Color of Hydrangeas

Overview

While many flowers simply blossom into one particular color no matter what, gardeners can influence the color outcome of hydrangea flowers depending on particular soil requirements. This makes hydrangeas a versatile addition to the garden both with greater color selection within one plant as well as a tolerance to more than one type of soil. Identify all colors of hydrangeas and care requirements that will keep those colors vivid.

Pink or Blue Hydrangeas

French hydrangeas (Hydrangea macrophylla), also referred to as bigleaf hydrangeas, are available in blue or pink blossom options. Whether flowers develop into pink or blue hues is wholly dependent upon the pH level (acidity or alkalinity) of the soil they grow in. The occurrence of aluminum creates blue flowers. The lack of aluminum yields pink flowers. Since alkaline soils makes aluminum inaccessible to the hydrangea plant, these soils produce pink blooms. Acid soils produce blue blossoms, according to the Clemson University Extension. Test your soil before making any changes to pH and determine the degree of change needed before applying amendments; contact anl extension agent or professional to determine the appropriate rate of application for your soil type and pH level.

Soil pH Change for Pink Hydrangeas

For pink hydrangeas, create an alkaline soil environment with a pH above 7.0. To increase alkalinity of your soil, you must increase the pH, thereby making the soil less acid. Application of lime is the suggested amendment method, according to the Clemson University Extension. Lime is a form of limestone that is ground to varying degrees of fineness. Treat your soil with limestone during autumn or winter for successful alkalinity and wait to plant for a duration of two to three months. For optimal results, combine limestone with moist soil as dry soil will not respond.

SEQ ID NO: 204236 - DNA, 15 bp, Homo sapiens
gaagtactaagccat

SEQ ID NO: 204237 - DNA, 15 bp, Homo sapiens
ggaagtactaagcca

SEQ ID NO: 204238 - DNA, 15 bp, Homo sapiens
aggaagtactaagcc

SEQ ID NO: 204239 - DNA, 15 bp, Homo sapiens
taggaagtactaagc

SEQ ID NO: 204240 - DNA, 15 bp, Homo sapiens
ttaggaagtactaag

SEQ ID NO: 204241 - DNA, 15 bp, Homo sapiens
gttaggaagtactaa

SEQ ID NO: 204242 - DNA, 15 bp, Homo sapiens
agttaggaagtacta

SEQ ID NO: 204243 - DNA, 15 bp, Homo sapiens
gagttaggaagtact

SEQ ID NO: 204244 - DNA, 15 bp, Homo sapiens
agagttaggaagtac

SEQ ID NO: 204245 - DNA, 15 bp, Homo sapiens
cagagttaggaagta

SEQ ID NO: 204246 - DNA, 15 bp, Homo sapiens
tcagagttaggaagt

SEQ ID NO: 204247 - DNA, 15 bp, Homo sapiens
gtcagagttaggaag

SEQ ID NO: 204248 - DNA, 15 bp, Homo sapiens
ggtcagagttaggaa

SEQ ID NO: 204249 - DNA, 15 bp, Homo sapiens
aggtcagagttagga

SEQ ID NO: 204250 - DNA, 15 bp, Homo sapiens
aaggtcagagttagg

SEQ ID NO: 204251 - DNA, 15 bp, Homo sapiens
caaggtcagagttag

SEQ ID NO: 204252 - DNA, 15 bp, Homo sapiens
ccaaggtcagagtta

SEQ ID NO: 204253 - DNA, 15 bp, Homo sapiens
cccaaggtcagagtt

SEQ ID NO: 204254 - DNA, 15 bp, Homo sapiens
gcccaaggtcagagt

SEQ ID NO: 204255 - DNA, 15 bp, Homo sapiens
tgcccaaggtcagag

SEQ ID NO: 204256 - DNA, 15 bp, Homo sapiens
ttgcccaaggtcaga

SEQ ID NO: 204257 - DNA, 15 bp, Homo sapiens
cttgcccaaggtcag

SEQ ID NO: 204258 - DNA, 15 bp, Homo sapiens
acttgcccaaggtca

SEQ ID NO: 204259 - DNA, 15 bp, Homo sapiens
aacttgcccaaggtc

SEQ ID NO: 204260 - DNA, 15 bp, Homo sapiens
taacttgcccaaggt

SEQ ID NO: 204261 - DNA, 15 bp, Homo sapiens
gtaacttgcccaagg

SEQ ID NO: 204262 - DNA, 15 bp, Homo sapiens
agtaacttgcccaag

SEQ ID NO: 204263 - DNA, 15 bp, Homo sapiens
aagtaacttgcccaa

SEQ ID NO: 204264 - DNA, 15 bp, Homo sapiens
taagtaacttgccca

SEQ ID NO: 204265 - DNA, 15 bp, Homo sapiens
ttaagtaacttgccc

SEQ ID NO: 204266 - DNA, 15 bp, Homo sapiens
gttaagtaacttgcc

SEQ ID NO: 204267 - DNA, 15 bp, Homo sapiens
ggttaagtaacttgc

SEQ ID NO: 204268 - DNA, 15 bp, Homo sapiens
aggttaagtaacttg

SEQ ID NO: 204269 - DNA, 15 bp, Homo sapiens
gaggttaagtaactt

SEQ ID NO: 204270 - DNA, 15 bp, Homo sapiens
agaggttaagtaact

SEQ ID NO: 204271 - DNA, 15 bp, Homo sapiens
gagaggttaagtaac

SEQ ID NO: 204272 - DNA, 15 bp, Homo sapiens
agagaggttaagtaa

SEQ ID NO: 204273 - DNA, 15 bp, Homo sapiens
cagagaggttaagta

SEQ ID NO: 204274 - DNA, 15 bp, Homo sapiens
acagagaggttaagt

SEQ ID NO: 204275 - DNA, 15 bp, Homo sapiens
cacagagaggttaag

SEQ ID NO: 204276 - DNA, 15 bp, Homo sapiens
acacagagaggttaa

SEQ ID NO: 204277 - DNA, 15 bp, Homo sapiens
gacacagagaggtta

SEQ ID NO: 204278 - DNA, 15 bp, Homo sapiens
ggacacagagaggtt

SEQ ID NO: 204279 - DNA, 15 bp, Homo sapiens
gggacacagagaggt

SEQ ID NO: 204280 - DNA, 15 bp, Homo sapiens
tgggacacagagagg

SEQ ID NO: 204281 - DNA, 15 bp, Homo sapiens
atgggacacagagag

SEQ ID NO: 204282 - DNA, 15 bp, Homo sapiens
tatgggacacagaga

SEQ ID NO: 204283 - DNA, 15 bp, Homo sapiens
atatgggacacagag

Soil pH Change for Blue Hydrangeas

For blue hydrangeas you need to decrease the pH of your soil, making it more acid and less alkaline. For acid soil, the most widely used method is application of aluminum sulfate, which acidifies soil immediately. For successful pH change, do not simply place the aluminum sulfate on top of soil, but thoroughly combine it below the soil surface for uniform distribution. Handle aluminum sulfate with care as it will burn plants in cases of direct contact, according to the Clemson University Extension.

Other Species and Colors

Oakleaf hydrangeas (Hydrangea quercifolia) are shrubs that display white flowers that become a pink color in maturity, according to the Clemson University Extension. Climbing hydrangeas (Hydrangea anomala) are vines that display clustered white blossoms. Peegee hydrangeas (Hydrangea paniculata) are large shrubs or small trees that display large, clustered, white blooms that also fade to pink during the autumn season.

Considerations

Careful care of hydrangeas means the display of vivid colors instead of dull hues. Grow hydrangeas in sun during the morning hours and in shaded conditions during afternoons. Plant in well-drained soil high in organic content, according to the Clemson University Extension. Avoid excessively hot and cold temperatures as these extremes may injure hydrangeas; damage from the cold may inhibit plants from blooming.

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About this Author

Tarah Damask's writing career, beginning in 2003, includes experience as a fashion writer/editor for Neiman Marcus, short fiction publications in "North Texas Review," a self-published novel, band biographies, charter school curriculum, and articles for eHow. She has a love for words and is an avid observer. Damask holds a Master of Arts in English and creative writing from the University of North Texas.